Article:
Whatever Happened to Sandy Posey?
Becoming a man in ‘67 was easy.
I had a newly grown wreath of hair.
A dream had beckoned my manhood,
stolen my virginity before sunrise.
My father was lost to the war,
claimed by the mysteries of Asian women.
My uncle was lost to the war,
filled with lead during Operation Hump.
It was the rite for the oldest to bump up.
Moving to Phoenix had brought rebirth.
It was hot and exotic. The open-air markets
bathed me in the ripeness of luscious smells.
A bass player’s thumb plucked sounds
that thrummed inside my lower half,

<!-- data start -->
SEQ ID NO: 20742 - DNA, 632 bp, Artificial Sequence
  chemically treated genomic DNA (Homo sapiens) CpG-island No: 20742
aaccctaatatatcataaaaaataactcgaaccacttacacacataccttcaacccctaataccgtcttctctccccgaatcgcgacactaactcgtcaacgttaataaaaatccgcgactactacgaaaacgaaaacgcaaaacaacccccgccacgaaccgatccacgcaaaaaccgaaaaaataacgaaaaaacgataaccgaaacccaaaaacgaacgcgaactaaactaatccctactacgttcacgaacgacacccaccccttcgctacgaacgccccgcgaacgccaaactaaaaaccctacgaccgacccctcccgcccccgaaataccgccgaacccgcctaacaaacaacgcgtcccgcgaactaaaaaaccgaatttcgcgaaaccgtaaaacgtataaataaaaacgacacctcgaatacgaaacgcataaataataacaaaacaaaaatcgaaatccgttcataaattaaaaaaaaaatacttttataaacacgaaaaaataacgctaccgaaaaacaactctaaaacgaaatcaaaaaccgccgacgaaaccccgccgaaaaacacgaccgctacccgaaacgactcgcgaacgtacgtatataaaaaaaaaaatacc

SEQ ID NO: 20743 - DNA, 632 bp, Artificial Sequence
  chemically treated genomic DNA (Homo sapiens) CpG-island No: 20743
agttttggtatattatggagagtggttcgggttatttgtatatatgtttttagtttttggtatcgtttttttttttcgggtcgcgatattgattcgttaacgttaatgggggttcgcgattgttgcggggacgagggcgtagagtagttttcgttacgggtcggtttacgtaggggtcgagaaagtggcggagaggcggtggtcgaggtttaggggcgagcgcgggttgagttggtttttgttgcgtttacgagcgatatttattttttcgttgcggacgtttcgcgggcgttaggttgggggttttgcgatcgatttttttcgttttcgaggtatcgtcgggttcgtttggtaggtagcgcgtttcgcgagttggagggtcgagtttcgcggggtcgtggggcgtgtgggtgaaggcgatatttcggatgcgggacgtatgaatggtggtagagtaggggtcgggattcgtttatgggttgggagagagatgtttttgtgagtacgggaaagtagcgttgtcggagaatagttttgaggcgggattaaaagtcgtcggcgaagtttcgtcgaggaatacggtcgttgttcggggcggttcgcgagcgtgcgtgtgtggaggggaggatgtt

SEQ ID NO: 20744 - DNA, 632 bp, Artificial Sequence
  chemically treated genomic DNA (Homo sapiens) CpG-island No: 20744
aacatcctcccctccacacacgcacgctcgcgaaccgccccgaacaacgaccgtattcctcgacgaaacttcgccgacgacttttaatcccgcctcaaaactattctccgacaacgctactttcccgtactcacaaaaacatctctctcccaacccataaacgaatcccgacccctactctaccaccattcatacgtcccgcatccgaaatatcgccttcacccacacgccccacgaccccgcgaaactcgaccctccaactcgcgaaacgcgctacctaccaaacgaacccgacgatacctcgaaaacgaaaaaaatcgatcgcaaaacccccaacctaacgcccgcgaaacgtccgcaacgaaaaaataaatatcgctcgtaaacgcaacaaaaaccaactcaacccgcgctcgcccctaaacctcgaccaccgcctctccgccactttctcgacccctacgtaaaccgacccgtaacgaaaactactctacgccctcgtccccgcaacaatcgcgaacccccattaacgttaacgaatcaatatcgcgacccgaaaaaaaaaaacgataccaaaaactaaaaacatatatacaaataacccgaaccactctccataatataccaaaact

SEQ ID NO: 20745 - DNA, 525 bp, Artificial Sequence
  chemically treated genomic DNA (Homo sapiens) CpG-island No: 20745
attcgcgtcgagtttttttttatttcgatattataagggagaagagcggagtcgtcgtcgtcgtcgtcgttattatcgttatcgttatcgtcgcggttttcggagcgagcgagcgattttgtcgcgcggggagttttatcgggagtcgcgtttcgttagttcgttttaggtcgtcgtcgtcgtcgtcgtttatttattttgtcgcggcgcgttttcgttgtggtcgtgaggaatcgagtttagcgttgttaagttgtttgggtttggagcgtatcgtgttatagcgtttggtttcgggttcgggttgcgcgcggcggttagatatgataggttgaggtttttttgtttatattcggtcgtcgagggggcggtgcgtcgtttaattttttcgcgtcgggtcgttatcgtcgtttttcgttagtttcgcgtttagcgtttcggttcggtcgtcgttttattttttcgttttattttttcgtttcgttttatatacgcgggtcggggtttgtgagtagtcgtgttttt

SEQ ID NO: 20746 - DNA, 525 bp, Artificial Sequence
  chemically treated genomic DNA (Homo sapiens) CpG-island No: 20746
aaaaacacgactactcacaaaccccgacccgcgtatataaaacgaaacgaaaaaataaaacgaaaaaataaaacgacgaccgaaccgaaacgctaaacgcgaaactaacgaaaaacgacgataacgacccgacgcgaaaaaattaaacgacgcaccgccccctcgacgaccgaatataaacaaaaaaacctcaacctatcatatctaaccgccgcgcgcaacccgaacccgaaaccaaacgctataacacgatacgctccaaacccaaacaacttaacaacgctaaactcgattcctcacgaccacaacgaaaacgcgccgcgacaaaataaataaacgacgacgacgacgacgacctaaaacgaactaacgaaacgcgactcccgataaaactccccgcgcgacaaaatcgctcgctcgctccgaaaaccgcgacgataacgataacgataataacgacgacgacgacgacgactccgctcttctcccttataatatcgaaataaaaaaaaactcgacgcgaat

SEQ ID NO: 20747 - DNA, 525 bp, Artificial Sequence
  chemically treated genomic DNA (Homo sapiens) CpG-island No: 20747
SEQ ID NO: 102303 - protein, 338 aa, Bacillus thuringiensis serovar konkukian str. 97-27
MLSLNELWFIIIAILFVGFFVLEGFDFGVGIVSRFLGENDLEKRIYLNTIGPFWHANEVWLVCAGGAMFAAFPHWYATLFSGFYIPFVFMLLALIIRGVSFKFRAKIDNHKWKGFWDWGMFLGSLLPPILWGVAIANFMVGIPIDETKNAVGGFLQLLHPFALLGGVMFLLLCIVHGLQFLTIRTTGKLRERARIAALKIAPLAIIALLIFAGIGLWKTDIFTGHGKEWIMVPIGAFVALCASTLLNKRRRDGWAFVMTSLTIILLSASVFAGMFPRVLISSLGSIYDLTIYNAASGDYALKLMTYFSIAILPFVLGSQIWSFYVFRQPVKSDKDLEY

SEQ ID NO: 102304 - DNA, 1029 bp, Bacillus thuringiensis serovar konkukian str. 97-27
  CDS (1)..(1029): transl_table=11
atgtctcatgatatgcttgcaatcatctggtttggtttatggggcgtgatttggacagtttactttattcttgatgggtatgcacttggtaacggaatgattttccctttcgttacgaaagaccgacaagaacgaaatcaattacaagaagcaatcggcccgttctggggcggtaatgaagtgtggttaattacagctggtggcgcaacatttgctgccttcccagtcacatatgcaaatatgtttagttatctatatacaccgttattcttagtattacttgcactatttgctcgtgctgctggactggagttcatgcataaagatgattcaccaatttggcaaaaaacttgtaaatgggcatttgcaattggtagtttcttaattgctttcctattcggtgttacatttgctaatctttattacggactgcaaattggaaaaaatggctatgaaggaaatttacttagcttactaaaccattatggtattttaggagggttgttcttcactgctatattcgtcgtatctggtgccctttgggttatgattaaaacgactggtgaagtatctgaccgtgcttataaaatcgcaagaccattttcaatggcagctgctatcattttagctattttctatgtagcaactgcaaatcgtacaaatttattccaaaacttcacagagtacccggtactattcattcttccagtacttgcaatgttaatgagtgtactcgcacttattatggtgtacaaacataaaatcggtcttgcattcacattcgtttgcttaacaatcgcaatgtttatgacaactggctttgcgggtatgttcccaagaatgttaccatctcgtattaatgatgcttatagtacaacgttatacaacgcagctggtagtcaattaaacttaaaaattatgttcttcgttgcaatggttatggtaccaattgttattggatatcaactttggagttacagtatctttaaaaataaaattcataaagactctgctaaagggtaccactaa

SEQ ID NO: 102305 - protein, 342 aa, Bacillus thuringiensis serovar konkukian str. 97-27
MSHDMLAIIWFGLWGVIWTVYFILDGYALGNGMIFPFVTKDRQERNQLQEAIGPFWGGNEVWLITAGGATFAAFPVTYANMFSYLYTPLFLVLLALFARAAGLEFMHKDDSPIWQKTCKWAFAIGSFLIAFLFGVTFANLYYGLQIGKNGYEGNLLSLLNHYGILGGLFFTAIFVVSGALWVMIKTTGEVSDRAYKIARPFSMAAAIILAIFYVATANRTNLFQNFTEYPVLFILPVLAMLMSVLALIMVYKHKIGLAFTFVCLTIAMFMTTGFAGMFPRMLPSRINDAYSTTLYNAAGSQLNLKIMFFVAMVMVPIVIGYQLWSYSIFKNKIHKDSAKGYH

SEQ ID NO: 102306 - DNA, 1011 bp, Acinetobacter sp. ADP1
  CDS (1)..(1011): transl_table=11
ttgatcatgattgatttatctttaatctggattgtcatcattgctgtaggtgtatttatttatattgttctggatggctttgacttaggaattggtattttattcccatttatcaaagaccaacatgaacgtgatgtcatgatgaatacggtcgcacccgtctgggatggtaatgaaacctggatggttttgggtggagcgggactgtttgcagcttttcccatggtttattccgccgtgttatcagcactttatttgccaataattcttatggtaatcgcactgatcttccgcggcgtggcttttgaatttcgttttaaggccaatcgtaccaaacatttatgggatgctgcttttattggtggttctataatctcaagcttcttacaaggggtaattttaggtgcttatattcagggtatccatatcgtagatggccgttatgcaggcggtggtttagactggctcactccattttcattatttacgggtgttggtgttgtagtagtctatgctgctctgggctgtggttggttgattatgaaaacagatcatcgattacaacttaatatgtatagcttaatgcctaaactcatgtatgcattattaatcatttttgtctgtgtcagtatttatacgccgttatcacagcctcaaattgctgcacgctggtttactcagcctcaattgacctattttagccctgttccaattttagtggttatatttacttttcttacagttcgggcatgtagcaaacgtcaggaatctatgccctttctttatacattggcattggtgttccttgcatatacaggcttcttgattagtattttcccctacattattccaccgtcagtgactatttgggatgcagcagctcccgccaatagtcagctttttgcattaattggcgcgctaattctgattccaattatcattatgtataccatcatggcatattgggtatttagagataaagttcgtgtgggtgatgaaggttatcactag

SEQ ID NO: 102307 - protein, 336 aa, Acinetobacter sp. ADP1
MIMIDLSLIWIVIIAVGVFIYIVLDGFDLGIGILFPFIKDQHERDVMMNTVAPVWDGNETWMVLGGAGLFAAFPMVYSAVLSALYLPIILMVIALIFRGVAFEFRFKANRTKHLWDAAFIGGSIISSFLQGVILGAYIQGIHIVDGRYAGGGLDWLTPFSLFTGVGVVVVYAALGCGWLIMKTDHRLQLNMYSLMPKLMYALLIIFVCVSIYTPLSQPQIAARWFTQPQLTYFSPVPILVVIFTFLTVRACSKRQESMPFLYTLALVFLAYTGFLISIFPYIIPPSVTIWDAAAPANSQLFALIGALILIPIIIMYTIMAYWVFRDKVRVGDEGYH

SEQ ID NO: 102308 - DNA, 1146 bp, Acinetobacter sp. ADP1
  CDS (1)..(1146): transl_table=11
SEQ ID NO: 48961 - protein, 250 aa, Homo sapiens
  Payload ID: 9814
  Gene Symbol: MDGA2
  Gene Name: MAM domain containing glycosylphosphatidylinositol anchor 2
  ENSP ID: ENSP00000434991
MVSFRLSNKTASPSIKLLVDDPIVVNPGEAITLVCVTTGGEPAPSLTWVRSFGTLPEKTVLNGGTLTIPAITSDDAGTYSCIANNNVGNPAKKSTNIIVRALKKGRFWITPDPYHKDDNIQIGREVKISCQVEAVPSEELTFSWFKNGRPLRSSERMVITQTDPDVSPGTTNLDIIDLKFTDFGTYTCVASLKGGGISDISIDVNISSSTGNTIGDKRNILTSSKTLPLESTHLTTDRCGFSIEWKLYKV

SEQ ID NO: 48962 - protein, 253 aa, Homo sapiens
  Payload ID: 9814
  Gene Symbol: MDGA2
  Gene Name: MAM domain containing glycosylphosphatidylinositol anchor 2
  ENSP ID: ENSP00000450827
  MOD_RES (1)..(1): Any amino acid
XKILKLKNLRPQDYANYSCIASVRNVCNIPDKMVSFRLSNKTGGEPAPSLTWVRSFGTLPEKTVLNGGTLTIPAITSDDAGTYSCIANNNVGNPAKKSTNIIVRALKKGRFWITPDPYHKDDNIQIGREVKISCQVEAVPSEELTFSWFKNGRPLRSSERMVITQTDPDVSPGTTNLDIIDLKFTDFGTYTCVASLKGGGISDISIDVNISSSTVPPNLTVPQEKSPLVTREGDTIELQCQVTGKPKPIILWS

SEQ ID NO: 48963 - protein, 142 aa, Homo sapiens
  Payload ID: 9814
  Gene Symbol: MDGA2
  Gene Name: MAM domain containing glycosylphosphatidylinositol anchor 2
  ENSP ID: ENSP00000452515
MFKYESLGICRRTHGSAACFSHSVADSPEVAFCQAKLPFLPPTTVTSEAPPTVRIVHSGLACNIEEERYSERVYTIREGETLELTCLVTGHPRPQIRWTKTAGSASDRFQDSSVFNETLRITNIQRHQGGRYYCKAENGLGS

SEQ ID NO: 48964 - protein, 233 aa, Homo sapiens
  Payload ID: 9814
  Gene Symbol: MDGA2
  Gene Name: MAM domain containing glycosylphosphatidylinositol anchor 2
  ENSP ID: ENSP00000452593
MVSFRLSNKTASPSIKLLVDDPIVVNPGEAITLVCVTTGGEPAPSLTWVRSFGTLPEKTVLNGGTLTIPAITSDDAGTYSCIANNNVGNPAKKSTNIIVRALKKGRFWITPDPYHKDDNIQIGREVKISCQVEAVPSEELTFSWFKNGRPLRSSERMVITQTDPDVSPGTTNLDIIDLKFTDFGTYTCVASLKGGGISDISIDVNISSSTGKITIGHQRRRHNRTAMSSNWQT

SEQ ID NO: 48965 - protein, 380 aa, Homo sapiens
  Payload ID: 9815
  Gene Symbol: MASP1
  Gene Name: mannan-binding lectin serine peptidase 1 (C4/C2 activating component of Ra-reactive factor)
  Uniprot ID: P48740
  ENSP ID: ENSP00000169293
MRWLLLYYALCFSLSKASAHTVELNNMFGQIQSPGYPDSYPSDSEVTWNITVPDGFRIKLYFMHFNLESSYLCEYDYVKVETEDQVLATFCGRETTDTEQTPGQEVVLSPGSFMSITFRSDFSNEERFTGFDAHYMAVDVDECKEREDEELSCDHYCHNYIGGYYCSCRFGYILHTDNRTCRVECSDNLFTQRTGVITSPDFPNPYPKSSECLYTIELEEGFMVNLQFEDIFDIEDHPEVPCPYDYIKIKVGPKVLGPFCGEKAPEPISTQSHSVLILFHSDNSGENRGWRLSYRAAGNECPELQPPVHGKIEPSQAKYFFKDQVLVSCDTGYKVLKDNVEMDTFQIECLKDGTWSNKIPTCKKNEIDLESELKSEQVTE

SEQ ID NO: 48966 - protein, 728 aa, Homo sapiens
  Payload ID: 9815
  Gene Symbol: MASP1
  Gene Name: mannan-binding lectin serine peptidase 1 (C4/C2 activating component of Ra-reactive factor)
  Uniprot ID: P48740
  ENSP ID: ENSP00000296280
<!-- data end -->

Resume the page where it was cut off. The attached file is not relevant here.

while a sweet voice seeped into
the airwaves and snatched my senses.
She was all alone in a great big town
and needed a nighttime lover
to get her through the day. No price
was too great to pay. There was a man
she had yet to know, waiting in a place
she had yet to go.
I stole the records and, when the songs
were not on the radio, played each 45 rpm,
over and over, until the abused grooves
could take no more.
I wanted to be her man, the banana in her mango,
the fresh cream on her morning peaches.
Sandy teased me all summer.
She was, after all, Born A Woman and A Single Girl.